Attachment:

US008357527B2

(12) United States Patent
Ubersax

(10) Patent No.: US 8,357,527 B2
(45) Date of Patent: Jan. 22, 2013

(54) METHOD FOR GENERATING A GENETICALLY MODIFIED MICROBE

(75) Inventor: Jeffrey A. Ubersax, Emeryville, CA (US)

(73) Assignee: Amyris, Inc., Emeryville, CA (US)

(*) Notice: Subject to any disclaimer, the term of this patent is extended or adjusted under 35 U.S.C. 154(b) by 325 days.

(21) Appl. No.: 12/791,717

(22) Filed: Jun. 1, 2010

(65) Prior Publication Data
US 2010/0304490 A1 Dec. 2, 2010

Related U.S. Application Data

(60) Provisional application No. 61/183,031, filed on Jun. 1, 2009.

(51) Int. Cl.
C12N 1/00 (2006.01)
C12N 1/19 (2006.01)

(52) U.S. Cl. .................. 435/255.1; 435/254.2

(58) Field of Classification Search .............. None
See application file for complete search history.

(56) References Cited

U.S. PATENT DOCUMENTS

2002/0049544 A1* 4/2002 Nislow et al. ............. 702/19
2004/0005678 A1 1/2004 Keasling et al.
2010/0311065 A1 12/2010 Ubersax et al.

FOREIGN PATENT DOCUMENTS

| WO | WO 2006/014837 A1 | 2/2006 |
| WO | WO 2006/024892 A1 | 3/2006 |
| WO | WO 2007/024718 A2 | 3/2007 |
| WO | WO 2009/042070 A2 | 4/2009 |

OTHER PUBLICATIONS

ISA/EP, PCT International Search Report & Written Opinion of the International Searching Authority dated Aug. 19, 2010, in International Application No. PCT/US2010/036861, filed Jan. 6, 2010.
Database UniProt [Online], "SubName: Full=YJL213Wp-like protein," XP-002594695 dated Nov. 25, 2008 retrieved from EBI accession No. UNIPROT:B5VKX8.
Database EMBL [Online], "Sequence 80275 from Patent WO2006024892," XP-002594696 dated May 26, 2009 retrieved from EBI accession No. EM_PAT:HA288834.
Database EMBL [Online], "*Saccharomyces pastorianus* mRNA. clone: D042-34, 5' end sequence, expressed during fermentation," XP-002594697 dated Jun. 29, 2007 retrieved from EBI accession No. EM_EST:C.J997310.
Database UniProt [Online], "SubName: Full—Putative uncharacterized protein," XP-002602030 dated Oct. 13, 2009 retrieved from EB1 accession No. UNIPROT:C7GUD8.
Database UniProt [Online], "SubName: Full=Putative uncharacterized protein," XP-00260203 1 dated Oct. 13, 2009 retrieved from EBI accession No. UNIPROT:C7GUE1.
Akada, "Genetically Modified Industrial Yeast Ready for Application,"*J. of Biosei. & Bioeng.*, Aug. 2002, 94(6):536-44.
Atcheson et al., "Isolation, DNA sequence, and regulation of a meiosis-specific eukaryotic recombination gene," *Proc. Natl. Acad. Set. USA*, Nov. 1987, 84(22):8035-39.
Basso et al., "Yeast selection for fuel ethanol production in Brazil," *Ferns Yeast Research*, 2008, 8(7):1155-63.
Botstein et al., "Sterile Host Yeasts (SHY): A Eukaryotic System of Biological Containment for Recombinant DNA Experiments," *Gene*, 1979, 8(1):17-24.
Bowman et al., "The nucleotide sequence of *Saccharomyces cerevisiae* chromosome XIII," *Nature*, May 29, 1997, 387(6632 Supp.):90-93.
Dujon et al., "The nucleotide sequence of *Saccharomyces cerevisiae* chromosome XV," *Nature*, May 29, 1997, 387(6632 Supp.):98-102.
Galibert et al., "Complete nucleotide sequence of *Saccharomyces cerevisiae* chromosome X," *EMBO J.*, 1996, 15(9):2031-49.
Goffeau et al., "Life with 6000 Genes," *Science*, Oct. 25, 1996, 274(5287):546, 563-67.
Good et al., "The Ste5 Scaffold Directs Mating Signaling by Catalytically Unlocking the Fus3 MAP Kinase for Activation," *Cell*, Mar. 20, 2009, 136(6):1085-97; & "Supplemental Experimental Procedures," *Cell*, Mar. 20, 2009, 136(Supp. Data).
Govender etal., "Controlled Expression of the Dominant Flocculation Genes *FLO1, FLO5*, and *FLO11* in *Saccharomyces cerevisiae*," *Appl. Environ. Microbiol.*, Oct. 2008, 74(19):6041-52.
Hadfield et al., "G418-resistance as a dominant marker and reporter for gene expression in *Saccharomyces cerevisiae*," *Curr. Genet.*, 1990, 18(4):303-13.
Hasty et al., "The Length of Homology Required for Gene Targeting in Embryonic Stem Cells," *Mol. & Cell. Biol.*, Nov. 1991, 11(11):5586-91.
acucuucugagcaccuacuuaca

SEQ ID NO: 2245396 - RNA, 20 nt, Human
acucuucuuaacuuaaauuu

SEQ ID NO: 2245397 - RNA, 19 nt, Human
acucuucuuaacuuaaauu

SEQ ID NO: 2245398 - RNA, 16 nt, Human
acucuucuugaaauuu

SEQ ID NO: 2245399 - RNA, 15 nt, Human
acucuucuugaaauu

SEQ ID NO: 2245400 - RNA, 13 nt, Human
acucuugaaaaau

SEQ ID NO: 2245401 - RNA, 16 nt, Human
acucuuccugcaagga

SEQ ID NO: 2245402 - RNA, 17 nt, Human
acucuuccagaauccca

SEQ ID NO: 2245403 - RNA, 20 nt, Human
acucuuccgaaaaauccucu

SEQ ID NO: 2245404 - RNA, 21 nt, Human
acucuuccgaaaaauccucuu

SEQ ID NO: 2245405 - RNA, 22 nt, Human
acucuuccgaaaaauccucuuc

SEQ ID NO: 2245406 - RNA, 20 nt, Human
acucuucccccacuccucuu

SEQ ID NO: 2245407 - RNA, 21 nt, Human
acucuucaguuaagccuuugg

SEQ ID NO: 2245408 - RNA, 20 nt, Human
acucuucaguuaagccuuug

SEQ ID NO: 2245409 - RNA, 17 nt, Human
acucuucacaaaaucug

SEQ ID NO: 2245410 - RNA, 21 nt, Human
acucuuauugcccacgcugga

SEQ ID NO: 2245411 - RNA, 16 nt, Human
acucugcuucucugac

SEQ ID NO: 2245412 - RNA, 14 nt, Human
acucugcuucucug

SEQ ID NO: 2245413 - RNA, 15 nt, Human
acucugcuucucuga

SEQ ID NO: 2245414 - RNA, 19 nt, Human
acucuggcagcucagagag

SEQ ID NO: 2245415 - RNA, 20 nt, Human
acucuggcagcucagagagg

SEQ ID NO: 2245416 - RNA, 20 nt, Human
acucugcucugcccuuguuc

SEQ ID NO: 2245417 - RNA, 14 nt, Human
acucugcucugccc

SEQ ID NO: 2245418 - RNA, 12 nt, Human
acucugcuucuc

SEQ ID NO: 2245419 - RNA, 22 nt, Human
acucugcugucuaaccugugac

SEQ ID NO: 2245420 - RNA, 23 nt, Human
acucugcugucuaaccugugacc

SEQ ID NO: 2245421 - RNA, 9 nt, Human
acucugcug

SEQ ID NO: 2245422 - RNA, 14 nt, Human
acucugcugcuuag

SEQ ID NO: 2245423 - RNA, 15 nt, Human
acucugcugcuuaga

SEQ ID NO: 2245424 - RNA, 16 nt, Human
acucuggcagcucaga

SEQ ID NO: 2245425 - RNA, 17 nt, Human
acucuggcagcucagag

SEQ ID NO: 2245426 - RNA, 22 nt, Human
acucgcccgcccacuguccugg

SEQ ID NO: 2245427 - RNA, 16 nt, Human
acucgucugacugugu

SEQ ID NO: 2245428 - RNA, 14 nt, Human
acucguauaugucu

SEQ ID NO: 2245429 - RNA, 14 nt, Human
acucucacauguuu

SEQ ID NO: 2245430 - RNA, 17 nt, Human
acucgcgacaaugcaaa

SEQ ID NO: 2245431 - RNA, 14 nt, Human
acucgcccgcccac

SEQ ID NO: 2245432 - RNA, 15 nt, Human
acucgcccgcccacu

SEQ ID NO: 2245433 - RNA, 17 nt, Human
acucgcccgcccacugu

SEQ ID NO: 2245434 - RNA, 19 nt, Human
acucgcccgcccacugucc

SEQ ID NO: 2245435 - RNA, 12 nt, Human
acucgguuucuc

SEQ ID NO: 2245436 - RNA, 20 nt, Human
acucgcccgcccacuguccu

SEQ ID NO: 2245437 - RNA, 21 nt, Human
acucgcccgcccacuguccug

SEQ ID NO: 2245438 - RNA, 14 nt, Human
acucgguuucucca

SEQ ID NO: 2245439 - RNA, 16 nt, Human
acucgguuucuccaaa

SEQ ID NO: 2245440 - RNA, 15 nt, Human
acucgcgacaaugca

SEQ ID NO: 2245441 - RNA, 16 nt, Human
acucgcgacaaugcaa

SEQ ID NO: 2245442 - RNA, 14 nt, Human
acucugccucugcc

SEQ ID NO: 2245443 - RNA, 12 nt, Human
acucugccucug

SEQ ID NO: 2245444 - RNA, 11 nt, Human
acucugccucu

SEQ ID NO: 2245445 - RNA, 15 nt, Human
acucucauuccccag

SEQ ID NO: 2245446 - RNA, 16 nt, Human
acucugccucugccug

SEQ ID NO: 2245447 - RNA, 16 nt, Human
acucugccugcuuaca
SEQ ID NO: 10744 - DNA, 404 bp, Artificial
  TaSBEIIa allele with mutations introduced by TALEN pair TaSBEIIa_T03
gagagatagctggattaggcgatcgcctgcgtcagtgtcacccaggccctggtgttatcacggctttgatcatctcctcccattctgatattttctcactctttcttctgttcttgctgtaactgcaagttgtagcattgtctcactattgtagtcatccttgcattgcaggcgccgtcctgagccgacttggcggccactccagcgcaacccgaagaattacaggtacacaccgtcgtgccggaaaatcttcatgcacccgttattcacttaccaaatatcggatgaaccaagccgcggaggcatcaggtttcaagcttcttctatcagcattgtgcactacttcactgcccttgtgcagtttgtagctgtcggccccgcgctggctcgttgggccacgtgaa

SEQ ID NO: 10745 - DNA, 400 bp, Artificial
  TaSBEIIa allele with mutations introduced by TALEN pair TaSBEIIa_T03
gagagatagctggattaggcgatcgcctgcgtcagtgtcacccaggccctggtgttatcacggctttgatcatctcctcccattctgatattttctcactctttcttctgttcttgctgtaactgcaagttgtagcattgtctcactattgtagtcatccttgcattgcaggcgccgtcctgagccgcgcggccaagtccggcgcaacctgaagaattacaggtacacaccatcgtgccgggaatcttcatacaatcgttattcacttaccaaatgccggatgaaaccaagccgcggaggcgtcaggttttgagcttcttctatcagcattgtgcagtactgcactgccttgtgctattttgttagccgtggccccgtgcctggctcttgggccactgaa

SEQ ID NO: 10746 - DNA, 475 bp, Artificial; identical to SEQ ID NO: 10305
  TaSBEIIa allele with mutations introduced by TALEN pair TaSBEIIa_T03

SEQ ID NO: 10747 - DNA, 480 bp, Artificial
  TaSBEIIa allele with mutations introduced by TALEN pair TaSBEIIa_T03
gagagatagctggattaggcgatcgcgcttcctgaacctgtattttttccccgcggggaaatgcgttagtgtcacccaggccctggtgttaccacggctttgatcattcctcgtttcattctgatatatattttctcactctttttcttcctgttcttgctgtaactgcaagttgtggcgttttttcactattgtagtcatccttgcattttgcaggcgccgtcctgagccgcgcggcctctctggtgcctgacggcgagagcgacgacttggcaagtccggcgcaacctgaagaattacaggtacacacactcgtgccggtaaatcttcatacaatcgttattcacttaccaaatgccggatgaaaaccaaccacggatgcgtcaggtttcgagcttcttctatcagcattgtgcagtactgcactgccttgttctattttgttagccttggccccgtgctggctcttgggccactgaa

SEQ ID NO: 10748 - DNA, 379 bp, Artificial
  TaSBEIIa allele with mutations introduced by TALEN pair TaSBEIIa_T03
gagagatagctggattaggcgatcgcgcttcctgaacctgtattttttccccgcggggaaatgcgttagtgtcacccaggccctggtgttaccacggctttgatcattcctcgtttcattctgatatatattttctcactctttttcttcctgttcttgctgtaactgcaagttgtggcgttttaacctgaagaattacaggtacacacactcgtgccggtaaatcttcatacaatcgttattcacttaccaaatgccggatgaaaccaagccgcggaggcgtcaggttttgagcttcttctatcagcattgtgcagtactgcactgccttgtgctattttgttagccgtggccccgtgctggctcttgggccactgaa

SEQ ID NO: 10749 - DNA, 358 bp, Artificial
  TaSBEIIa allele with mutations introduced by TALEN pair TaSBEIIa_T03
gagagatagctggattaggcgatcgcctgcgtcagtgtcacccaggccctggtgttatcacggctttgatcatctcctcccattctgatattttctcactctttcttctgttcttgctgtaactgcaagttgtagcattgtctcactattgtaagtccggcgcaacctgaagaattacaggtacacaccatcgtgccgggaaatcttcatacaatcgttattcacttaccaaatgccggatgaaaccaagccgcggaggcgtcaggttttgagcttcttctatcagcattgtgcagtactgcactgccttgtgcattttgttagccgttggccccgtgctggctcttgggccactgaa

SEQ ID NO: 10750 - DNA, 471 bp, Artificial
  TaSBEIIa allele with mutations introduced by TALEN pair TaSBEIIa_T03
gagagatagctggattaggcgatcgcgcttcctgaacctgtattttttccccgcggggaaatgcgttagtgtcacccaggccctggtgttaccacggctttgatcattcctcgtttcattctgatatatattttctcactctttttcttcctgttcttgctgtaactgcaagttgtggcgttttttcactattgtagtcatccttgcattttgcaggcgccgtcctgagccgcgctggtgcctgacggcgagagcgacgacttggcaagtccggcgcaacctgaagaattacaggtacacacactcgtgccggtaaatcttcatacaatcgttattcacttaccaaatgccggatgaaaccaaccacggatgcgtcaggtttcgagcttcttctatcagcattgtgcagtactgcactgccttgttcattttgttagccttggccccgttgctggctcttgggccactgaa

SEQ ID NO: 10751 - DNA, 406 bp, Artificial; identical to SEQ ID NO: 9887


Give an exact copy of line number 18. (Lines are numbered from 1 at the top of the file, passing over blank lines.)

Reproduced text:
C12N 1/19 (2006.01)